Emma Salokoski Sings Svenska Visar in Helsinki
When the paths of two considered but disparate artists meet on stage before one's very ears and eyes expectations are high. When they choose to perform in a language untried before by the singer one might expect disharmonybut the association of Finnish funk singer Emma Salokoski with Ilmiliekki, a young free-form Finnish unit, at the Viapori Jazz Festival on the historic island fortress of the same name (commonly called Suomenlinna) in Helsinki harbour, it proved to be a marriage obviously condoned in the heavens.
In fact both singer and band share many links, hailing from the capital area, playing in the same downtown clubs and the same summer festivals around Finland and Scandinavia. But until that damp evening in the old bakery of the eighteenth century Russian fortress neither had joined forces to tackle their second native and cultural heritage Swedish. An Evening of Swedish Evergreens would be an appropriate translation for an evening of songs selected by Salokoski to include works by poets Nils Ferlin, Anna-Greta Nystig-Sättare with music by Liile Bror Söderlund and Reser Anna Larsson, as well as two traditional tunes and one of Salokoski's own compositions. While none are widely recognised names in the English speaking world, the application of the skills of singer and musicians in arrangements of a conventional repertoire produces a fusion that is at the same time experimental and classic, exciting and restful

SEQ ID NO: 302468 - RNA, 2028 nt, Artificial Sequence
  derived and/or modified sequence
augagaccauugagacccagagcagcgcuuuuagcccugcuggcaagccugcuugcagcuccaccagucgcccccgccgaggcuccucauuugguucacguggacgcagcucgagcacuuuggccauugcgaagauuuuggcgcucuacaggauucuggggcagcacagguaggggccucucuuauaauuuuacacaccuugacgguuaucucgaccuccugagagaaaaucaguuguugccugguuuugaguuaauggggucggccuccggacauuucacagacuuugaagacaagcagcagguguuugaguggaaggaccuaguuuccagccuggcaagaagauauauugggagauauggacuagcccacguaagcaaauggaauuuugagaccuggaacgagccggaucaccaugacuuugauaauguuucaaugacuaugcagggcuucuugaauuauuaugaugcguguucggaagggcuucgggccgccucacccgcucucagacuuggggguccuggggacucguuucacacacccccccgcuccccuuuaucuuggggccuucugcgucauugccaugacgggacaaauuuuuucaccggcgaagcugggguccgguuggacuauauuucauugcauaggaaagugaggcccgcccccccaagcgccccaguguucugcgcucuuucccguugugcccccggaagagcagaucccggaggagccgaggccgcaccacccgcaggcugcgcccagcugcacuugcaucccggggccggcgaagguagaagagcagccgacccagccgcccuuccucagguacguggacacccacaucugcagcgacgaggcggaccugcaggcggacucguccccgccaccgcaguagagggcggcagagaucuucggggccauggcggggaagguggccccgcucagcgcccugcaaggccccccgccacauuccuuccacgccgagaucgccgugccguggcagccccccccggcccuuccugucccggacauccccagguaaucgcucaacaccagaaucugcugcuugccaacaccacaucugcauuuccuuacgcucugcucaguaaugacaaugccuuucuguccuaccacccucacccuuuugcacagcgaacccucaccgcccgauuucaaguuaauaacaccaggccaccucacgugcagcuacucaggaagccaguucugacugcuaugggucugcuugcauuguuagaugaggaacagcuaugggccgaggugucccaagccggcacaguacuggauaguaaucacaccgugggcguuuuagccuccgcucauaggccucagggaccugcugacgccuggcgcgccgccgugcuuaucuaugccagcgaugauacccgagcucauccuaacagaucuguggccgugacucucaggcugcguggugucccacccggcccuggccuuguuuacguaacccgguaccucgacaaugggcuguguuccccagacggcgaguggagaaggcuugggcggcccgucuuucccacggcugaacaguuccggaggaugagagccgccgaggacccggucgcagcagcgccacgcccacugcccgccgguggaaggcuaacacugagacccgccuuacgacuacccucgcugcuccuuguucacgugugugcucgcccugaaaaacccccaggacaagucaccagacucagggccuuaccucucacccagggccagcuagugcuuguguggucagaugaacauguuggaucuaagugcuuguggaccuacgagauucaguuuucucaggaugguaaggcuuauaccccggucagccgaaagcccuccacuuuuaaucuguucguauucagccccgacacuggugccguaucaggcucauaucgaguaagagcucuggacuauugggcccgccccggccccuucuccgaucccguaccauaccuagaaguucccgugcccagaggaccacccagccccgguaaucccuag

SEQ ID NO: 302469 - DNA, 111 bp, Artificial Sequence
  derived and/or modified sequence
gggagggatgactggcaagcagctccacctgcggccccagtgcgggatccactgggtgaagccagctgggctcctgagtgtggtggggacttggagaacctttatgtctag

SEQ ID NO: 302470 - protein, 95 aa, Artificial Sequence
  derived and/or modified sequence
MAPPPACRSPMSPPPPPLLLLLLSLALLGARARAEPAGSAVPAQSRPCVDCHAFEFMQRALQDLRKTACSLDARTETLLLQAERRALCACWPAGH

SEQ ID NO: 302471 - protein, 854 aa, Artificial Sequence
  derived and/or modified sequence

Salokoski's previous recordings have been primarily in English with her 7-piece retro-funk band known in Scandinavia as Quintessence. Ilmiliekki have recorded March of the Alpha Males on TUM in 2003with pieces by pianist Tuomo Prattala, drummer Olavi Louhivuori, and trumpeter Verneri Pohjola, as well as covering Radiohead's "The Tourist" and Coleman's "What Reason Could I Give". On the final evening of this local festival the band provided a balance of lightness and energy that took the singer from whispered melancholia, through a hand-bell reggae adaption of a children's rhyme Kling Klang Klockan, to an arrangement of song composed by Jean Sibelius. Salokoski's delicate voice matches Pohjola's approach to the trumpet, coaxing rasps and strains over the instrument's conventional fuller tones. Both artists' insights fuse in their mutual relish of a traditional acoustic approachnone more so than in their encore piece, Bjork's "Anchor Song". Surely the audience witnessed that night the start of an association that will go beyond the bounds of the Swedish speaking and listening world.